From Henry Remsen
New York October 10th. 1792
I had the honor to receive your favor of the 7th. this afternoon, and am happy to find you are returned in good health to Philadelphia, which was announced in one of our papers of this day.
The dispatches made up in February for Mr. Short I sent to Messrs. Brothers, Coster & Co. to go in their vessel, the Brig Sion, bound to Amsterdam. There were a number of packages, and they contained, besides your letters, Laws, journals newspapers &c. A minute of their contents and of their having been sent I left, with other memorandums, with Mr. Taylor. The enclosed letter from Messrs. Brother & Coster will shew that they safely reached their hands. After I came here, by your permission in March, I received several packages directed to Mr. Short, accompanied with your favor of 18th. March, which packages I myself delivered to Messrs. Brothers, Coster & Co. to go with the others, and I believe in answering your letter, I mentioned they arrived just in time as the vessel was to sail the next day.
Messrs. Brothers, Coster & Co. inform me that all these letters, together with some of Mr. LeRoy and other gentlemen, were carefully put up in a bag, and delivered with the usual directions to the Captain of the Sion, who sailed between the 22d. and 26th. of March, that in a severe gale of wind she sprung a leak, and the Captain finding she could not be kept from sinking, went with his crew on board an English vessel which fortunately appeared after she had 7 feet of water in the hold, taking with him the bag containing the letters, soon after which the Sion sunk, that the Vessel which took these unfortunate people on board was bound to Newfoundland, and arrived there in safety, from whence the Captain of the Sion informs his owners, in a letter dated in April, that he purposes sending the bag of letters to Amsterdam by any vessel bound thither, or by the way of London.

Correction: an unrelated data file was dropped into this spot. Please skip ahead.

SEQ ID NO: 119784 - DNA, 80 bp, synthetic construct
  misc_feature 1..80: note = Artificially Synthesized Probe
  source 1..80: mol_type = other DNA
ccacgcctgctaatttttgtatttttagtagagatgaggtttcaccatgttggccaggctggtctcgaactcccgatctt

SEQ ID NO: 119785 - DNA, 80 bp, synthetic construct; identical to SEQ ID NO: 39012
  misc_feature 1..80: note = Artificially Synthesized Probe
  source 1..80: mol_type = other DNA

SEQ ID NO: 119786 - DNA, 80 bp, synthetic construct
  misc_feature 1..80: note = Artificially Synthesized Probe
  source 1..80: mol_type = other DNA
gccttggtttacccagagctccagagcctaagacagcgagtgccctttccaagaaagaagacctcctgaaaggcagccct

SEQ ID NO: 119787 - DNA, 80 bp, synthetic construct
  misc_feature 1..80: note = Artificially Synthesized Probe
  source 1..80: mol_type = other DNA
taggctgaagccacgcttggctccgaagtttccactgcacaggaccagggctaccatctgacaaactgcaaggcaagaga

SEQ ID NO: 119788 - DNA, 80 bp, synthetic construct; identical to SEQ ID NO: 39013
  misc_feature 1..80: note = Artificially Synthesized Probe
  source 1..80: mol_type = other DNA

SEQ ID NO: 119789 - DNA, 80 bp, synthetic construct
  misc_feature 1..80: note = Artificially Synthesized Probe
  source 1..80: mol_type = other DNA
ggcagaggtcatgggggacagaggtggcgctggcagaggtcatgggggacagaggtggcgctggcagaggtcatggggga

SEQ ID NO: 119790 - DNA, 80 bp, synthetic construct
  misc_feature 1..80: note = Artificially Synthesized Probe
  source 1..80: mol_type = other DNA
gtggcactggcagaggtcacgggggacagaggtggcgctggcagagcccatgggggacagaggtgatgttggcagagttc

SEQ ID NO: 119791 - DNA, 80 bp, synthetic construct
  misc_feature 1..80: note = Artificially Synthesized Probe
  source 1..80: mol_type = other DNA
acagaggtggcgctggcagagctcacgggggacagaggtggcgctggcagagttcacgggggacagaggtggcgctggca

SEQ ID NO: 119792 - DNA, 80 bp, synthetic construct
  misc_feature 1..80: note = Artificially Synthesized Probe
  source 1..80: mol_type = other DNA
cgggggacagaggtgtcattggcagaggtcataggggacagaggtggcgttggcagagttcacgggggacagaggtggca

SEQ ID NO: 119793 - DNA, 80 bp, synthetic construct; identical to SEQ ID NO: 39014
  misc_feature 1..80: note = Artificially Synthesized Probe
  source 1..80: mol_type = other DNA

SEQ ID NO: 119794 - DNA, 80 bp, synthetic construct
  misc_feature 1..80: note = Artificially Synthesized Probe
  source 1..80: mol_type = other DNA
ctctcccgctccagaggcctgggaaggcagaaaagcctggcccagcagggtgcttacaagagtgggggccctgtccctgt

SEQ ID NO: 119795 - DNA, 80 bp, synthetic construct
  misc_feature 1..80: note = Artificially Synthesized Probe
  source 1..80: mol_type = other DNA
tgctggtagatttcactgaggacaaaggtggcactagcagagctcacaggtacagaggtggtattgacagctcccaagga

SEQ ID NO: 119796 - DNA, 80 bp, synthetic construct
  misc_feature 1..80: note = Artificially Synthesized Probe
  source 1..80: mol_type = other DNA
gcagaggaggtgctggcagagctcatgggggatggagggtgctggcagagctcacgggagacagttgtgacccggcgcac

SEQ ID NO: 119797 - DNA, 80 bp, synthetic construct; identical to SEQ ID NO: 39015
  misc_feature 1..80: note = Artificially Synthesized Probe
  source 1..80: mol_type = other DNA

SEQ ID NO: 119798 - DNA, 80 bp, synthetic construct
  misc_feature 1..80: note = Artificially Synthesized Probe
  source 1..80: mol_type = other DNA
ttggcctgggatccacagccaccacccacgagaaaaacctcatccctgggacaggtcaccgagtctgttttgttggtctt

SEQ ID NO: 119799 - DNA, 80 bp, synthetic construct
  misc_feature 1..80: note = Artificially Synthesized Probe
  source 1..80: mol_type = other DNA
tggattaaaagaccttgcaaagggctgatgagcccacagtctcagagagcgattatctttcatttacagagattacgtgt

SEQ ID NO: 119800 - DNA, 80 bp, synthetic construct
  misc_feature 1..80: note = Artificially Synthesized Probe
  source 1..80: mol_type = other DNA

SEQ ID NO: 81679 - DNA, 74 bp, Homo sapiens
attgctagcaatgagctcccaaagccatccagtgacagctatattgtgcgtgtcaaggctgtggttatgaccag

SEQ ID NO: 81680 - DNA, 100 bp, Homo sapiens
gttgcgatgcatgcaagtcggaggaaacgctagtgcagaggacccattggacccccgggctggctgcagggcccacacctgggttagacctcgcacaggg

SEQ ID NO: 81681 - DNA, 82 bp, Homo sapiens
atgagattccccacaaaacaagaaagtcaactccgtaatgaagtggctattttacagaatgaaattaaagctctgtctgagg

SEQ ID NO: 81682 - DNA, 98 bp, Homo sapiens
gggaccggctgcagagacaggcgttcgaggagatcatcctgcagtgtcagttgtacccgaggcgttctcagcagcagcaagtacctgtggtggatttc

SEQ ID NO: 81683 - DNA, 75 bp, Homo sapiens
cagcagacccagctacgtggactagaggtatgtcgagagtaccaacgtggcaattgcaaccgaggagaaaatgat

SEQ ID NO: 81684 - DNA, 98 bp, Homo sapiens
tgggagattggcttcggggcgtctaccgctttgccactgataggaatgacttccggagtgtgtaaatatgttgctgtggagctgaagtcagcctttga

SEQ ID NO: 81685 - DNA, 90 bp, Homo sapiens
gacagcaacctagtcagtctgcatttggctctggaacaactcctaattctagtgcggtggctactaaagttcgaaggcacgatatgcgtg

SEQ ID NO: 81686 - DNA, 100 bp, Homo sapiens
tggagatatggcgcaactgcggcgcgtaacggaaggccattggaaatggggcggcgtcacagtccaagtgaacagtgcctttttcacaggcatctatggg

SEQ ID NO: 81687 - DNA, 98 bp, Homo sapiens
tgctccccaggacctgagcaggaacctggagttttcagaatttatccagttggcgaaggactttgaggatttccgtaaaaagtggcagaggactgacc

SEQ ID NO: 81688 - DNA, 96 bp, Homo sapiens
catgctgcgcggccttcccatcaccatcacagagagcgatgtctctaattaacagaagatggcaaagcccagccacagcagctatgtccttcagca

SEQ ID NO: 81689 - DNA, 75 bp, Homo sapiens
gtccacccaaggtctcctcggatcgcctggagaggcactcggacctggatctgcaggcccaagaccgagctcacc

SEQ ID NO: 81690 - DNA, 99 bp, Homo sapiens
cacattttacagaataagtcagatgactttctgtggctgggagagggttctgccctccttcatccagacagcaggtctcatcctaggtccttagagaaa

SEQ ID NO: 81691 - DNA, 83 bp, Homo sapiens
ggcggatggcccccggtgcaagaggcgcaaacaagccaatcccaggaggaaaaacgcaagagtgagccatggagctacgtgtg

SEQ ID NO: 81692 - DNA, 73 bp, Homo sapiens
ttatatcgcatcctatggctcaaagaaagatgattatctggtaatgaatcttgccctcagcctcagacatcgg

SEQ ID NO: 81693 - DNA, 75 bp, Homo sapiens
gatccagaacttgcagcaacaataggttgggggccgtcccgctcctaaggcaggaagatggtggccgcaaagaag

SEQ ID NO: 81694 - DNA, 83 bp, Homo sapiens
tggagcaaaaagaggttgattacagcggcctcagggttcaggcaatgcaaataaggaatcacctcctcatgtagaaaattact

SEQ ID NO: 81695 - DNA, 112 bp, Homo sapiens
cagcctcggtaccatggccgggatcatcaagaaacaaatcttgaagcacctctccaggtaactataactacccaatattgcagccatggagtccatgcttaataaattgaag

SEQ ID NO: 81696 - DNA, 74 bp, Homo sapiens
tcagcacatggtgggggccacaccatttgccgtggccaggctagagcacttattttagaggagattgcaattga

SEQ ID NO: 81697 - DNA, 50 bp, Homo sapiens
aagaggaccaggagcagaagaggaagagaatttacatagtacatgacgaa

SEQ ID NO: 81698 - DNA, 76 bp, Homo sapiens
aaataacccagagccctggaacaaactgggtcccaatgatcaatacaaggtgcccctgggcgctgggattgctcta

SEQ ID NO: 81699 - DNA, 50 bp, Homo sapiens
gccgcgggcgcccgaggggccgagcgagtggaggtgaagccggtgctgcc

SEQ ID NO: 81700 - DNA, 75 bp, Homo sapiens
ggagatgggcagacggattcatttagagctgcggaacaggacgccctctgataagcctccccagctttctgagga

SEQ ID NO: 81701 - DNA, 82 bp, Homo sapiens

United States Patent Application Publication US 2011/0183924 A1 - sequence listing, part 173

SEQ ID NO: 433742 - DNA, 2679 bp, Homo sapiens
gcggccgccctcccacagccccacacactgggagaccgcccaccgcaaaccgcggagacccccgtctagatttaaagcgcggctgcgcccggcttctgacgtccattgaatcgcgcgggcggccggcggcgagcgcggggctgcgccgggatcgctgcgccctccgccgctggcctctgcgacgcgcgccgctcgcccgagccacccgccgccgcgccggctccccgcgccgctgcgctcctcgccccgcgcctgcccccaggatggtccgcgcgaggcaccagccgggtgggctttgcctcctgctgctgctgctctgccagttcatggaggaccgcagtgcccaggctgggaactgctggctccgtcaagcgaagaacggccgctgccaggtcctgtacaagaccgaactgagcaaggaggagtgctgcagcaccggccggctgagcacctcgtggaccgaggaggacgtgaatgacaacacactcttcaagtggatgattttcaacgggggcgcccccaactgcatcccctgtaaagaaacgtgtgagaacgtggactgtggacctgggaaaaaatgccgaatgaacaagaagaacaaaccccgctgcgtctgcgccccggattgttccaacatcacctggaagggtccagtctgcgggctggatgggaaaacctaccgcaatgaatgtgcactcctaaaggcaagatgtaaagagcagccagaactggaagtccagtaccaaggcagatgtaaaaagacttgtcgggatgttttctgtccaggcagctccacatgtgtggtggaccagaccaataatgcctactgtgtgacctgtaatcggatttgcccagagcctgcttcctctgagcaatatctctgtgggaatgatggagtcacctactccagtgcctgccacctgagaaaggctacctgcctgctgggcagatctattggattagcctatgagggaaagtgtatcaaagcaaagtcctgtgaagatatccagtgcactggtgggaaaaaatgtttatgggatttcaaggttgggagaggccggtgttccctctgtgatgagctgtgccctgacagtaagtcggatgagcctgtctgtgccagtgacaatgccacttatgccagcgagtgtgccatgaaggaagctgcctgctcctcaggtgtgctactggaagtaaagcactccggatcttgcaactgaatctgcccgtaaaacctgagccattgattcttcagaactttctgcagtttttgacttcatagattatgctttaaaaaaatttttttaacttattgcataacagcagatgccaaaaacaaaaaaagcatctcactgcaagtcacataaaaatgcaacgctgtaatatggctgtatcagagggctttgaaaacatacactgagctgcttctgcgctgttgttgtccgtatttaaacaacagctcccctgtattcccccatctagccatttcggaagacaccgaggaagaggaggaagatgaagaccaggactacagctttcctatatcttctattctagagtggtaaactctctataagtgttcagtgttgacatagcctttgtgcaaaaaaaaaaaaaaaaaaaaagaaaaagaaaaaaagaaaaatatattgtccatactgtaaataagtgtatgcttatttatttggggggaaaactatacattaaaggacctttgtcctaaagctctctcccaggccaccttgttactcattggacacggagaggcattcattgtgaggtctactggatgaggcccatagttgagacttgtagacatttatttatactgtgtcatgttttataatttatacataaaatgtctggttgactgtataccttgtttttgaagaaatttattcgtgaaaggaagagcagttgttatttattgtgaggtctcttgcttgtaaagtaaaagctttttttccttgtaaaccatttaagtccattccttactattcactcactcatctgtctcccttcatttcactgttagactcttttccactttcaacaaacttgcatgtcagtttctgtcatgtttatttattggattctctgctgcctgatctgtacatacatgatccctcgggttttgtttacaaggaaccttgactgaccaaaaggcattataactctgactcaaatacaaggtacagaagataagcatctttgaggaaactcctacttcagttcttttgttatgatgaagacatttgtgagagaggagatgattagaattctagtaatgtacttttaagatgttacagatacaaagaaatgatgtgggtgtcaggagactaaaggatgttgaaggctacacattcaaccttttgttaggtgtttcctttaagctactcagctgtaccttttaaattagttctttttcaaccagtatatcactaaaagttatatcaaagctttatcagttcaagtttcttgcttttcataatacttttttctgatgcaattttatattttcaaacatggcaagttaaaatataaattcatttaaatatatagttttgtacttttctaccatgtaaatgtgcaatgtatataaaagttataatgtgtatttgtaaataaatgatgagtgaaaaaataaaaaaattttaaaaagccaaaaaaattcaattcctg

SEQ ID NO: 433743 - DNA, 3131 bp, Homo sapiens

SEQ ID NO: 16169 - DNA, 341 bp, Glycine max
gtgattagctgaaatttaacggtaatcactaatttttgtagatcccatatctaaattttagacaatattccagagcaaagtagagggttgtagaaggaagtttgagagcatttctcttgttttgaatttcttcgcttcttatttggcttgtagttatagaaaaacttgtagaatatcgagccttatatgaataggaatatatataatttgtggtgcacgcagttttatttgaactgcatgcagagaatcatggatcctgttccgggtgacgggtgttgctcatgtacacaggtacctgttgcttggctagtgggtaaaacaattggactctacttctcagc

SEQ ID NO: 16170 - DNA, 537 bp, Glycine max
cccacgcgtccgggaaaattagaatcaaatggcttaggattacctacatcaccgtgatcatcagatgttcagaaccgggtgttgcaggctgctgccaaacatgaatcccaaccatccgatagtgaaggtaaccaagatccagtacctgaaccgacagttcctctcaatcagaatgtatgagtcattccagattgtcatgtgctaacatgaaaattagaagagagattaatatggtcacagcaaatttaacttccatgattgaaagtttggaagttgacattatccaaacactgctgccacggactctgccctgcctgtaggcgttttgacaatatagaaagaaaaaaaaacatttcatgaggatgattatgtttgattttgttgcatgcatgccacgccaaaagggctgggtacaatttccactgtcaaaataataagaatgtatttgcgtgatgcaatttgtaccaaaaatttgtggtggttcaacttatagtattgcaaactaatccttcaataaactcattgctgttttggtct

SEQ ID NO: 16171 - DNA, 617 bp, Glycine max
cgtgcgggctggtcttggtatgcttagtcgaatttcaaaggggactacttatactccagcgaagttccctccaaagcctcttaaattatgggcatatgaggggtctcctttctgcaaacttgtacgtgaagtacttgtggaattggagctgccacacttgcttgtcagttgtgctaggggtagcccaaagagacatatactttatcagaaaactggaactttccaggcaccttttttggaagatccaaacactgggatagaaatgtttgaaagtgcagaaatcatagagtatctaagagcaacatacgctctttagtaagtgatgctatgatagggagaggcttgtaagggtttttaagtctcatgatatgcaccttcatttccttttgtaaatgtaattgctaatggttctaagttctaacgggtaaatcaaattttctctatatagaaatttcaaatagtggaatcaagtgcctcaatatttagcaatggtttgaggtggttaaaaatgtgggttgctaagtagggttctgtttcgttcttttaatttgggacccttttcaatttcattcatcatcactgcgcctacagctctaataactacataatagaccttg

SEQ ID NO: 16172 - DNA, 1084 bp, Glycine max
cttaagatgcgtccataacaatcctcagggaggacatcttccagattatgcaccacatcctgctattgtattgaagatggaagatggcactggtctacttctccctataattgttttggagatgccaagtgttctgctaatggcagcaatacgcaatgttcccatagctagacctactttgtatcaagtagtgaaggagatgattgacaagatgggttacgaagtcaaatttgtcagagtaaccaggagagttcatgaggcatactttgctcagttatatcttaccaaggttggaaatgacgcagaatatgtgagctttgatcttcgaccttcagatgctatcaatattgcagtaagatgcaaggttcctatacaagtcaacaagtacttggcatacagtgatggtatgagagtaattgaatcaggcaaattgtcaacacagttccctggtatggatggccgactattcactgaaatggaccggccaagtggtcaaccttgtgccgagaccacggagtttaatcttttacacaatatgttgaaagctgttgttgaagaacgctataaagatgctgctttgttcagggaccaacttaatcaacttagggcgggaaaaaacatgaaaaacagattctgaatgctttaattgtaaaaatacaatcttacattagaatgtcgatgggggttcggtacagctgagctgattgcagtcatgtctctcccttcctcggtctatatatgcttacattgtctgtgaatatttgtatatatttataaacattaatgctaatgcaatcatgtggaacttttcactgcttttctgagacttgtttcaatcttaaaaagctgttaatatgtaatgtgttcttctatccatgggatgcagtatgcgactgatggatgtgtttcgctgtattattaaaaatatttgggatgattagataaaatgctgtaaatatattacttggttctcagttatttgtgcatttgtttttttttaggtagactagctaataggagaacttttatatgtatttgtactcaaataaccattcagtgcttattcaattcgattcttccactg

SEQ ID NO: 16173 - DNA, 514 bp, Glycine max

Messrs. Brothers, Coster & Co. say further, that they have had no advices of the receipt of their own letters sent by the Sion, but they persuade themselves from the character of the Captn., that he has punctually fulfilled what he has promised, and that all the letters are by this time in Amsterdam, unless some further disaster has attended them.
This was the first intelligence I received of the fate of the Sion, or should have communicated it, without waiting your request. I beg you to be assured, Sir, that this enquiry, or any other you may chuse to ask of me, cannot be conceived troublesome; and that I am with the most respectful attachment, Your obliged & most obt. Servt.
RC (DLC); at foot of text: “Thomas Jefferson Esquire”; endorsed by TJ as received 13 Oct. 1792 and so recorded in SJL. Enclosure: Brothers Coster & Company to Henry Remsen, Jr., New York, 9 Feb. 1792, acknowledging receipt of thirteen packages addressed to Willink, Van Staphorst & Hubbard and promising to forward them by the brig Sion, Capt. William Oliver (RC in DLC).